By A.V. Benford | OBSERVER Staff Writer
On Elk Grove Florin Road near the intersection of County Sign Route E12, a small band of activists gathered outside the offices of the Elk Grove Unified School District (EGUSD) on Sept. 13 to demand the immediate reinstatement of a Black female student-athlete facing expulsion.
The 11th grader had been suspended for “defending herself during a fight” that occurred on the morning of Tuesday, Sept. 9, at Monterey Trail High School, according to a joint press release by the Greater Sacramento NAACP and the Black Youth Leadership Project.
The protest comes at a time when the district says it’s working hard to lower its Black suspensions. A Sacramento Observer investigation showed the district suspends more Black students than any other district in the state, eclipsing Sacramento City Unified, which in the latest survey ranked third. Dr. J. Luke Wood, a CSU Sacramento graduate, produced two groundbreaking surveys that called Sacramento County “California’s Black Suspension Capital,” ranking first in the state when it comes to Black suspension.
Betty Williams, a veteran civil rights activist and current executive director of the California NAACP, teamed with Lorreen Pryor of Sacramento’s Black Youth Leadership Project to ask EGUSD to dismiss the recommendation by Monterey Trail officials and the district’s Student Support and Health Services that the young woman in question be expelled.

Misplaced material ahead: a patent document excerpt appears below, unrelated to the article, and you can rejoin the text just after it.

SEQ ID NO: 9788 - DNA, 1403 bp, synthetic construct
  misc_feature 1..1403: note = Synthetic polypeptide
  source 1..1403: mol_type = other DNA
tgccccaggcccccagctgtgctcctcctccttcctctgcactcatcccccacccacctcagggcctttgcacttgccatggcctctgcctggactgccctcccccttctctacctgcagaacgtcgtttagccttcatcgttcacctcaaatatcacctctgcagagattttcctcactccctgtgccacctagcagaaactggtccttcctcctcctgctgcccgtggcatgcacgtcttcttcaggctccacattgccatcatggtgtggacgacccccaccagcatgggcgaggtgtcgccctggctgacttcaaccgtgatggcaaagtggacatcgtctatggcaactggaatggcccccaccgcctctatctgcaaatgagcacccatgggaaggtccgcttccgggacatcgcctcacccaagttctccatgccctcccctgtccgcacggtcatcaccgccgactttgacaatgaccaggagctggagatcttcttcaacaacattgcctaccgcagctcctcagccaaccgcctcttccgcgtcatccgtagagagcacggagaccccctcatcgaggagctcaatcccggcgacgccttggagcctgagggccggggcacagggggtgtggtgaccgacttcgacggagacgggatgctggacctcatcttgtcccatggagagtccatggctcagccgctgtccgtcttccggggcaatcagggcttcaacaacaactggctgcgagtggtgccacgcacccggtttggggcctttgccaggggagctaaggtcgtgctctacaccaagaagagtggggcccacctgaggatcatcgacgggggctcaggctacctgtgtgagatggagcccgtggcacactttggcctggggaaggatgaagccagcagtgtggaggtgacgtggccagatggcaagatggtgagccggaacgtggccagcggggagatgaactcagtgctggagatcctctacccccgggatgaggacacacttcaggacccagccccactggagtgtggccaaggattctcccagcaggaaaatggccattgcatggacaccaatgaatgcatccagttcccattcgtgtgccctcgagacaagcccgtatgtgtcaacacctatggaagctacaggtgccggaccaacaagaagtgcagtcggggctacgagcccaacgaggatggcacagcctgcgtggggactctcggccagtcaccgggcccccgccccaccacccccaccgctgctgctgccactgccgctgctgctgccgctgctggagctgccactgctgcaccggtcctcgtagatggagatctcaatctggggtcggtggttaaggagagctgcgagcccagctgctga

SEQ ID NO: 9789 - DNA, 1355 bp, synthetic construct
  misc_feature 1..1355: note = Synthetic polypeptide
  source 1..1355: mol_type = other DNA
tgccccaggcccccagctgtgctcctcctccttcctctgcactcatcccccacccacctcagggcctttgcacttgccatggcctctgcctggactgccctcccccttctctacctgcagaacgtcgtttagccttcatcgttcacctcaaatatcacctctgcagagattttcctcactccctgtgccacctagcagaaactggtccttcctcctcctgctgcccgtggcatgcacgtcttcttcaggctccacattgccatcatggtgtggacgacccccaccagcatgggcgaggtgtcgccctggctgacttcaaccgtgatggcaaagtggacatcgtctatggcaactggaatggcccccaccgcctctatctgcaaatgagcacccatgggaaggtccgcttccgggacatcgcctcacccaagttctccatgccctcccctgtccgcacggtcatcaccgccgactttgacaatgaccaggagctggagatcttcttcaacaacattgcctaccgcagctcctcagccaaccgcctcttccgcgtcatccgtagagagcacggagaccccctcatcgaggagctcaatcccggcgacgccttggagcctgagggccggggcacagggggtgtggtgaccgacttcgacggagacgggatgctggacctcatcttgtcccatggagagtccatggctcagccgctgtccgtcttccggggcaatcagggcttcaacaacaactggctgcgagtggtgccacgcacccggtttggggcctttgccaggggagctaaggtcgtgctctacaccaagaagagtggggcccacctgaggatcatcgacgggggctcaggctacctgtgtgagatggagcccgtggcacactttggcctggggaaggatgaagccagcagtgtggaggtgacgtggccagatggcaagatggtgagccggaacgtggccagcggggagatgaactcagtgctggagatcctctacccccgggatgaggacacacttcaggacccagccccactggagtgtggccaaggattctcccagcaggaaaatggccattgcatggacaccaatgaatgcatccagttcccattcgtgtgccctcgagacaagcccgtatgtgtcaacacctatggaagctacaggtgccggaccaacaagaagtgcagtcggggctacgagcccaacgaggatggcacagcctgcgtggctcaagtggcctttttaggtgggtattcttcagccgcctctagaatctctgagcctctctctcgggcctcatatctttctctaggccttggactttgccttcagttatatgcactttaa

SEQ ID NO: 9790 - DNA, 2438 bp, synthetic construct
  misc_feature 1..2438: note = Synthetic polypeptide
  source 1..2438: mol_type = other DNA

“It’s clear that they treat Black students differently than non-Black students,” Williams told the crowd. “This is a female new to the area, new to the school, who was attacked.”
She had already served an at-home suspension for the maximum five days, increased from three days because of the severity of the allegations against her. In an attempt to “protect herself” during a fight, she had unintentionally struck the administrator who was trying to de-escalate the situation, Pryor said.
The student’s mother remembers the exact minute the call came in: 8:02 a.m. Tuesday. After an incident in the parking lot of Monterey Trail the previous Thursday afternoon had set off alarm bells, she delayed her daughter’s normally early arrival at school that morning. She kept her in the car until right before the first bell rang and watched her daughter enter campus and slowly walk out of her sight.
What happened next was captured on grainy video, which was provided to The OBSERVER by BYPL.
“I was just pulling out of the Monterey Trail parking lot when I got the call,” said the girl’s mom, speaking anonymously. “She was sobbing, saying that the girls had jumped her. So I then pulled right back in the parking lot.”
They had just returned to town, her mother says, after having left for the Labor Day holiday weekend.
“I was walking through the campus, lost, trying to find the office because we are new here,” she continued. “I crossed paths with the VP comforting one of the girls. I knew it was one of the girls because it was the same girl from the parking lot.”